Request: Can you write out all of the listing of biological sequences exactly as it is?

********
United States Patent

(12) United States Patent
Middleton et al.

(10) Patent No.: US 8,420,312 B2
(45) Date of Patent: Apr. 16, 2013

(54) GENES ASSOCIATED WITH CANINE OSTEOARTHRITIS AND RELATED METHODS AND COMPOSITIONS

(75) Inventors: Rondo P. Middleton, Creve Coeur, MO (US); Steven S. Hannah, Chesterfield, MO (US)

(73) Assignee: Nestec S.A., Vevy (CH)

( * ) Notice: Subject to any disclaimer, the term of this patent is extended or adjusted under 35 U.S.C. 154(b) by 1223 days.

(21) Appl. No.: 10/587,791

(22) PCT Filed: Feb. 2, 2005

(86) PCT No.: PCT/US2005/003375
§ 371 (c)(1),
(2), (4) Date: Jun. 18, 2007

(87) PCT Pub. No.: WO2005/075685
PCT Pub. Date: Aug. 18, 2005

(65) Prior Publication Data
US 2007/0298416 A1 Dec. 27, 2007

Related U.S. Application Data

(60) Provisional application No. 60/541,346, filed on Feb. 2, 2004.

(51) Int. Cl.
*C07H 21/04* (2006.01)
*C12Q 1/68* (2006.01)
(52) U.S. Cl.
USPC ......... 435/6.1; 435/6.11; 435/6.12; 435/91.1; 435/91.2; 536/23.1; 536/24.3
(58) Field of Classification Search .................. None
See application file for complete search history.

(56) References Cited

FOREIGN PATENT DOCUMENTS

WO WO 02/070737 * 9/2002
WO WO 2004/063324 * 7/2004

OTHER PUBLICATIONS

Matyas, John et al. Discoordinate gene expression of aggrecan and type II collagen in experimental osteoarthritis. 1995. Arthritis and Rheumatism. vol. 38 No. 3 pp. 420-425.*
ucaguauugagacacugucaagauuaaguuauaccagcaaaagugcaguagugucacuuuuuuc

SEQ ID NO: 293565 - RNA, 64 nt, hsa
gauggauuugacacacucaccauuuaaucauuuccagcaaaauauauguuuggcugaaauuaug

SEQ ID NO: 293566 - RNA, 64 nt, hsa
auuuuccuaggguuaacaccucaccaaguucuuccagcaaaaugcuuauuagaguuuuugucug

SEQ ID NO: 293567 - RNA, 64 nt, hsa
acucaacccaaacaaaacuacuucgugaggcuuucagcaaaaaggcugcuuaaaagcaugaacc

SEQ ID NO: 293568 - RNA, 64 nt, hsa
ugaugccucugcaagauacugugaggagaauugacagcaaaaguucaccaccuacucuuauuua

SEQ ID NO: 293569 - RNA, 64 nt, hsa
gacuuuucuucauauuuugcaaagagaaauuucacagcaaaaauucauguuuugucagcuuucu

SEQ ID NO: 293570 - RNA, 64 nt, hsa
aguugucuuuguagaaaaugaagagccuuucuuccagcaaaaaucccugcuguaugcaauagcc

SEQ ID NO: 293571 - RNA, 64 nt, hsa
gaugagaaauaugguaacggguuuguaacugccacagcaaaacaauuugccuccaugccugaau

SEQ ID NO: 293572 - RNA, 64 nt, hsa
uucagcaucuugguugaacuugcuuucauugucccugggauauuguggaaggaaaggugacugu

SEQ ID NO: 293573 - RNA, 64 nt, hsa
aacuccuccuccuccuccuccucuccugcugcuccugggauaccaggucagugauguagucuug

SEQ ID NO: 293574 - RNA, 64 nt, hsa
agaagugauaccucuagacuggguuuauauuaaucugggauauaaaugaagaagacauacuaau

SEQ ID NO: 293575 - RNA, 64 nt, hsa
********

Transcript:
United States Patent

(12) United States Patent
Middleton et al.

(10) Patent No.: US 8,420,312 B2
(45) Date of Patent: Apr. 16, 2013

(54) GENES ASSOCIATED WITH CANINE OSTEOARTHRITIS AND RELATED METHODS AND COMPOSITIONS

(75) Inventors: Rondo P. Middleton, Creve Coeur, MO (US); Steven S. Hannah, Chesterfield, MO (US)

(73) Assignee: Nestec S.A., Vevy (CH)

( * ) Notice: Subject to any disclaimer, the term of this patent is extended or adjusted under 35 U.S.C. 154(b) by 1223 days.

(21) Appl. No.: 10/587,791

(22) PCT Filed: Feb. 2, 2005

(86) PCT No.: PCT/US2005/003375
§ 371 (c)(1),
(2), (4) Date: Jun. 18, 2007

(87) PCT Pub. No.: WO2005/075685
PCT Pub. Date: Aug. 18, 2005

(65) Prior Publication Data
US 2007/0298416 A1 Dec. 27, 2007

Related U.S. Application Data

(60) Provisional application No. 60/541,346, filed on Feb. 2, 2004.

(51) Int. Cl.
*C07H 21/04* (2006.01)
*C12Q 1/68* (2006.01)
(52) U.S. Cl.
USPC ......... 435/6.1; 435/6.11; 435/6.12; 435/91.1; 435/91.2; 536/23.1; 536/24.3
(58) Field of Classification Search .................. None
See application file for complete search history.

(56) References Cited

FOREIGN PATENT DOCUMENTS

WO WO 02/070737 * 9/2002
WO WO 2004/063324 * 7/2004

OTHER PUBLICATIONS

Matyas, John et al. Discoordinate gene expression of aggrecan and type II collagen in experimental osteoarthritis. 1995. Arthritis and Rheumatism. vol. 38 No. 3 pp. 420-425.*
ucaguauugagacacugucaagauuaaguuauaccagcaaaagugcaguagugucacuuuuuuc

SEQ ID NO: 293565 - RNA, 64 nt, hsa
gauggauuugacacacucaccauuuaaucauuuccagcaaaauauauguuuggcugaaauuaug

SEQ ID NO: 293566 - RNA, 64 nt, hsa
auuuuccuaggguuaacaccucaccaaguucuuccagcaaaaugcuuauuagaguuuuugucug

SEQ ID NO: 293567 - RNA, 64 nt, hsa
acucaacccaaacaaaacuacuucgugaggcuuucagcaaaaaggcugcuuaaaagcaugaacc

SEQ ID NO: 293568 - RNA, 64 nt, hsa
ugaugccucugcaagauacugugaggagaauugacagcaaaaguucaccaccuacucuuauuua

SEQ ID NO: 293569 - RNA, 64 nt, hsa
gacuuuucuucauauuuugcaaagagaaauuucacagcaaaaauucauguuuugucagcuuucu

SEQ ID NO: 293570 - RNA, 64 nt, hsa
aguugucuuuguagaaaaugaagagccuuucuuccagcaaaaaucccugcuguaugcaauagcc

SEQ ID NO: 293571 - RNA, 64 nt, hsa
gaugagaaauaugguaacggguuuguaacugccacagcaaaacaauuugccuccaugccugaau

SEQ ID NO: 293572 - RNA, 64 nt, hsa
uucagcaucuugguugaacuugcuuucauugucccugggauauuguggaaggaaaggugacugu

SEQ ID NO: 293573 - RNA, 64 nt, hsa
aacuccuccuccuccuccuccucuccugcugcuccugggauaccaggucagugauguagucuug

SEQ ID NO: 293574 - RNA, 64 nt, hsa
agaagugauaccucuagacuggguuuauauuaaucugggauauaaaugaagaagacauacuaau

SEQ ID NO: 293575 - RNA, 64 nt, hsa